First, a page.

Whether candidates’ appearances can move the needle with voters is another question. With the increasingly nationalized nature of presidential politics, and the rise of social media, Mr. Trump is favored to take an easy victory on Monday despite spending far less time in Iowa than his rivals.

“Republican voters ask about what they saw on Fox News the night before,” said Pat Rynard, an Iowa journalist who oversees political coverage for Courier Newsroom, an online site. “There are far less Iowa-specific questions, or even questions specific to their own lives or their own jobs. What people are whipped up about the most is what popped up in their Facebook feed.”

Mr. Rynard, whose website Iowa Starting Line was a popular campaign read in 2020, said he expected voter turnout to be lower on Monday, regardless of the weather. This year’s caucus, he said, “just hasn’t been as interesting or dynamic.”

The same could be said for the reporters’ social scene. Four years ago, Tammy Haddad, the Washington doyenne, imported her A-list charity jamboree from Georgetown to Des Moines, calling it the Snowflake Garden Brunch. This time around, she opted out. “A Below-Zero Garden Brunch doesn’t have the same vibe,” she wrote in a text message.

A crowd did pop up at the recently renovated Hotel Fort Des Moines, headquarters for the Trump campaign crew and an assortment of MAGA semi-celebrities like Kari Lake, the former Arizona gubernatorial candidate. Trump aides gathered nightly in the Edison bulb ambience of the hotel’s cocktail bar, In Confidence, although for a speakeasy, the place insisted on a lot of rules: One barkeep forbid revelers from borrowing a stool from a completely empty table. So much for Iowa Nice.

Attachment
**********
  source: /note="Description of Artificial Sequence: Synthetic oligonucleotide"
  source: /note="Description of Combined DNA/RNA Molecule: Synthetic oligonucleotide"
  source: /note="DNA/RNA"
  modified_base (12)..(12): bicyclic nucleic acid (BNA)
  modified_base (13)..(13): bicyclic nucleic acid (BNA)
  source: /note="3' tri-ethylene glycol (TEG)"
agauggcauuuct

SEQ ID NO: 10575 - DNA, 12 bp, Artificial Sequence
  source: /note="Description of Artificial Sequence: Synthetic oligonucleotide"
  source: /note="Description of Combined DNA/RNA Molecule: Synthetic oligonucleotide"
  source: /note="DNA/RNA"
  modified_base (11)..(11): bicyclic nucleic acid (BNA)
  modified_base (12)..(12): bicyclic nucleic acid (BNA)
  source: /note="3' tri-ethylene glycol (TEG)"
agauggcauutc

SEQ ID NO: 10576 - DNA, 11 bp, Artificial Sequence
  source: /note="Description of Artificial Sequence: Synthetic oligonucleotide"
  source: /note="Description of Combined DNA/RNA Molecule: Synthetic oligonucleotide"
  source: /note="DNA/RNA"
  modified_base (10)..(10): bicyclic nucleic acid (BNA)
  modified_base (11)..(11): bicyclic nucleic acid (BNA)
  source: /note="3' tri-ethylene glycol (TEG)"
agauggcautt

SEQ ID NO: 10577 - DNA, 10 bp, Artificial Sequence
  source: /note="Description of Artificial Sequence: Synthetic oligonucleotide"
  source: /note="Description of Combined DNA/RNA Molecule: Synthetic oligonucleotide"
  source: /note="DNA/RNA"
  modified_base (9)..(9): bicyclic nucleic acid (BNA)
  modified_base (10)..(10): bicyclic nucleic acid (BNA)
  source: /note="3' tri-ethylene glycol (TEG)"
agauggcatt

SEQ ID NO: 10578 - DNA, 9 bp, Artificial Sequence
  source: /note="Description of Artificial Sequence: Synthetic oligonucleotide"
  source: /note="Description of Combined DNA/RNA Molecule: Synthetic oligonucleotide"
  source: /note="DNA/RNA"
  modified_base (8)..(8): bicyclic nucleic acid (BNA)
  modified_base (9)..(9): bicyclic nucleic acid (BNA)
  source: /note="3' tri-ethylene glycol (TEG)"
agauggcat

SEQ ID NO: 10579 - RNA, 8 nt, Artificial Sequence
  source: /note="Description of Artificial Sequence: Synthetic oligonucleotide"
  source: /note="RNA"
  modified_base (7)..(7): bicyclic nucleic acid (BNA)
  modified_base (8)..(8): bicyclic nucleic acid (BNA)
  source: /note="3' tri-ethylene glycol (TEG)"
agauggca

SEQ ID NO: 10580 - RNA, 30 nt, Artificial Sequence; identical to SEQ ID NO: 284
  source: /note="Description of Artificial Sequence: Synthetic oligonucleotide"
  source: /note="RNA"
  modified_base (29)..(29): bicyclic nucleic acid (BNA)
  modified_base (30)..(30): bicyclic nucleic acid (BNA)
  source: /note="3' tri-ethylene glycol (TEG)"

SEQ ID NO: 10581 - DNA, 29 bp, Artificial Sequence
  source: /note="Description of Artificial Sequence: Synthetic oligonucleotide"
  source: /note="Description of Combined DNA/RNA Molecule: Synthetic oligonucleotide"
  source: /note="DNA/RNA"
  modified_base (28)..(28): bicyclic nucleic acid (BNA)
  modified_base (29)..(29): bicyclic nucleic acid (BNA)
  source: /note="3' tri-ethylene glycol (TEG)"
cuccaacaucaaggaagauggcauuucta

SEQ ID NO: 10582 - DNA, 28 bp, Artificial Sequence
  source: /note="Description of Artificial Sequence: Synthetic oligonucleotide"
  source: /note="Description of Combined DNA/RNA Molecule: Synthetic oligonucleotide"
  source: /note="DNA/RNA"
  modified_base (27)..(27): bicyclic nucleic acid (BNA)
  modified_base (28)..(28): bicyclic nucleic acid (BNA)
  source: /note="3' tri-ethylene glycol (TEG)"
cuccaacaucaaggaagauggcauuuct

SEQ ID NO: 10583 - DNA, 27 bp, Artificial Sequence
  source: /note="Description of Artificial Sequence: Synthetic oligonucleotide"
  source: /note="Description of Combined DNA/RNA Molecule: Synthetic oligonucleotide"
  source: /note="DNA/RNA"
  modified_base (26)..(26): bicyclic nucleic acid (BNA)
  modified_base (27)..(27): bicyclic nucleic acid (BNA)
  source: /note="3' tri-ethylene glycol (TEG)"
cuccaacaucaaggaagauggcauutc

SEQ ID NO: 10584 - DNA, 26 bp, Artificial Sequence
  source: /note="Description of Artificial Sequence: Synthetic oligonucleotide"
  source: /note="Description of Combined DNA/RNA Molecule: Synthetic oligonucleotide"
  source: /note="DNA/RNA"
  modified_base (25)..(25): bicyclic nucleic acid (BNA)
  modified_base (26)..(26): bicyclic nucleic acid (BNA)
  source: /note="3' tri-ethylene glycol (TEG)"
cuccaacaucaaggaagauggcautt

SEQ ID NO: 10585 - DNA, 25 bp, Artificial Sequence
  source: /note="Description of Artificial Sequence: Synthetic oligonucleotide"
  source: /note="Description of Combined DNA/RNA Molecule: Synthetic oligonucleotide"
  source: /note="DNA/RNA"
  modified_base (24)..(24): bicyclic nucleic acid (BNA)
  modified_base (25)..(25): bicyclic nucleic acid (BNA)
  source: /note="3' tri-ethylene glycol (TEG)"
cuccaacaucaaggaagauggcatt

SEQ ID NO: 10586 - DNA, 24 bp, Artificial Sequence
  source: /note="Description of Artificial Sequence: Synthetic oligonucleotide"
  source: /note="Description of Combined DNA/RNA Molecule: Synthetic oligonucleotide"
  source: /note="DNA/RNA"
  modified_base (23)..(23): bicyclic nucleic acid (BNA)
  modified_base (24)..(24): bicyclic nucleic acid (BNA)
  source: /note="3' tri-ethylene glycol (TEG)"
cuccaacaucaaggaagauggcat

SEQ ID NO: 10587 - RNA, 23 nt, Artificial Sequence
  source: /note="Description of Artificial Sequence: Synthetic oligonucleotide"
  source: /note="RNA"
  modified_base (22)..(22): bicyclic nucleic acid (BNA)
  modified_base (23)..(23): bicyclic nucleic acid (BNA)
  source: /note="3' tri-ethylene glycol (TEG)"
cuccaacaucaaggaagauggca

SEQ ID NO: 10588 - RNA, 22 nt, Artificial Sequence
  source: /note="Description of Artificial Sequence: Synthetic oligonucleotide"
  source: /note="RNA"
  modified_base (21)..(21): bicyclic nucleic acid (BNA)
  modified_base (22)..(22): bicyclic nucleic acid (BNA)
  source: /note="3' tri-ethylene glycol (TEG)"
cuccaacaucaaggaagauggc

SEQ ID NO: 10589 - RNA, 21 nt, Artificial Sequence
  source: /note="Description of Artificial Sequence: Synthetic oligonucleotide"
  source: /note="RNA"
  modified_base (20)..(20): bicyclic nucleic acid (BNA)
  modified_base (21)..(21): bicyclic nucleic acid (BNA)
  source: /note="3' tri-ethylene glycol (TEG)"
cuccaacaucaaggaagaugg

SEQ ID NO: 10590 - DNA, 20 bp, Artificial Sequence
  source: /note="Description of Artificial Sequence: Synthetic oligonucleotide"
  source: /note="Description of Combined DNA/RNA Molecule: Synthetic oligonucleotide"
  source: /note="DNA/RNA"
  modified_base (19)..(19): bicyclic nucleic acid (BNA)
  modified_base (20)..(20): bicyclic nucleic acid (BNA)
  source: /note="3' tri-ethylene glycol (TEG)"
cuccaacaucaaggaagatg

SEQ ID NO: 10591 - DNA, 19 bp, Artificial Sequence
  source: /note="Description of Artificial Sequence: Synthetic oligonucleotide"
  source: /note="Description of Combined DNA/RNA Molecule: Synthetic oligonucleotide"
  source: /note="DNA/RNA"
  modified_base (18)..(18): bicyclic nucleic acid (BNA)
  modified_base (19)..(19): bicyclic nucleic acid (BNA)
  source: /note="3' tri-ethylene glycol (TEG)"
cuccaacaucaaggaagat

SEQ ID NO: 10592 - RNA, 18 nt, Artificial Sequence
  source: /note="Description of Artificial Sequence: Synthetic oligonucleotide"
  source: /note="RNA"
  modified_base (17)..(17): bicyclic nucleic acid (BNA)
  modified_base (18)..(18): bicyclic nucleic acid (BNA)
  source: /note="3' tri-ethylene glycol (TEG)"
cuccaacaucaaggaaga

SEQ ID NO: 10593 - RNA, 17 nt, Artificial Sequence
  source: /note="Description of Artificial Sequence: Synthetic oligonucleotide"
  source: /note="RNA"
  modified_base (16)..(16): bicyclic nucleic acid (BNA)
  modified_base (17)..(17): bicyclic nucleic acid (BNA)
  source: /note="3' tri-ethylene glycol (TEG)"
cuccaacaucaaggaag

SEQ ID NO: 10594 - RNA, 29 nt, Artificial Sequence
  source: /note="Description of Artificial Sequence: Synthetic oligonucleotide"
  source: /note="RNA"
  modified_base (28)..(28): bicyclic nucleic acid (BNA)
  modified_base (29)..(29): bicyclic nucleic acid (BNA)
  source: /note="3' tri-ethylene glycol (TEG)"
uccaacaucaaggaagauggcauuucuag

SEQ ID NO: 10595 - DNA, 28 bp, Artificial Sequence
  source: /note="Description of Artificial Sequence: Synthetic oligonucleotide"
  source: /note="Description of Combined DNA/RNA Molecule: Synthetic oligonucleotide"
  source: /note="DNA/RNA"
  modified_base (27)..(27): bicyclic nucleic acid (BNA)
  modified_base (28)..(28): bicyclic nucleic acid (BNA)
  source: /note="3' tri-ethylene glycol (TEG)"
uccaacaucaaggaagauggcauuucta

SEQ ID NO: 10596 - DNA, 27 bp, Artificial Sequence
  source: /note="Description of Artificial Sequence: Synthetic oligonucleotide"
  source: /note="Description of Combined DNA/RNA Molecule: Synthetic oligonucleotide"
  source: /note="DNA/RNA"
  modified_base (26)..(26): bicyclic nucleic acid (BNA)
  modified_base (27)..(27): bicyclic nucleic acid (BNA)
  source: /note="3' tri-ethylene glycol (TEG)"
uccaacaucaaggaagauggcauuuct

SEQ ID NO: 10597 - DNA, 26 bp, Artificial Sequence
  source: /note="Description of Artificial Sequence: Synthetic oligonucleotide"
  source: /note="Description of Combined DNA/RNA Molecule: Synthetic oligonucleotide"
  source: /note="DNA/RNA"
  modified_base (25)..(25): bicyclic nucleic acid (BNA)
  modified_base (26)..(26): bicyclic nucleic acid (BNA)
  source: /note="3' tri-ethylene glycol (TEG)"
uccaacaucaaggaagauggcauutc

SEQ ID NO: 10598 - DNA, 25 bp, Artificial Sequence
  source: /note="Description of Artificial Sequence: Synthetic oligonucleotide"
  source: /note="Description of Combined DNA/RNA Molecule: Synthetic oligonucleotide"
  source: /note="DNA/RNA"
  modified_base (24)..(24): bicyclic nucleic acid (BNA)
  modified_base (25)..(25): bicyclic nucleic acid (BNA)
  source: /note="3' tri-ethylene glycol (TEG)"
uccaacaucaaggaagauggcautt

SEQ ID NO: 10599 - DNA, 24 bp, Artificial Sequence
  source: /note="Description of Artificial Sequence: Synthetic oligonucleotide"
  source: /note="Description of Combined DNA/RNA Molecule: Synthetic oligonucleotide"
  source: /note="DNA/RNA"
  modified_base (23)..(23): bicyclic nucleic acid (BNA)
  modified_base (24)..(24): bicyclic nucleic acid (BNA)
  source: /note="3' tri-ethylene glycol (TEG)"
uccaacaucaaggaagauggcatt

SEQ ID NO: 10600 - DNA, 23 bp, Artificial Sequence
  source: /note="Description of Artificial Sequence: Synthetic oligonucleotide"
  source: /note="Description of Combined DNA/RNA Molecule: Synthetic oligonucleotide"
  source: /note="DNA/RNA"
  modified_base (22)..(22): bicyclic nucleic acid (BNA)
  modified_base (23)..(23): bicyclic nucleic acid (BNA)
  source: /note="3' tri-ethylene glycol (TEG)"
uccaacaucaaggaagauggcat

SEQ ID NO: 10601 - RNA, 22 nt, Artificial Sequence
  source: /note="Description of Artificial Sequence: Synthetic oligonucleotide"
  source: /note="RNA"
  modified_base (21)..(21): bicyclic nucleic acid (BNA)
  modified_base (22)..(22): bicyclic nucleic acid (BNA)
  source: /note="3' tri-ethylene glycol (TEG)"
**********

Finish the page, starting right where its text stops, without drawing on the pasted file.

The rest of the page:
As for the Marriott lobby, where a sighting of Mitt Romney toting his own wheelie bag in 2012 counted as a major event, the usual throngs failed to materialize. Vanity Fair once described the bar as “ideal for seeing whether anyone more important or attractive is behind the person you’re talking to.” This weekend, Josh Dawsey of The Washington Post was overheard calling it “moribund.”

On Sunday night, with the caucus mere hours away, a handful of journalists lingered over beers. By midnight, it had mostly emptied out.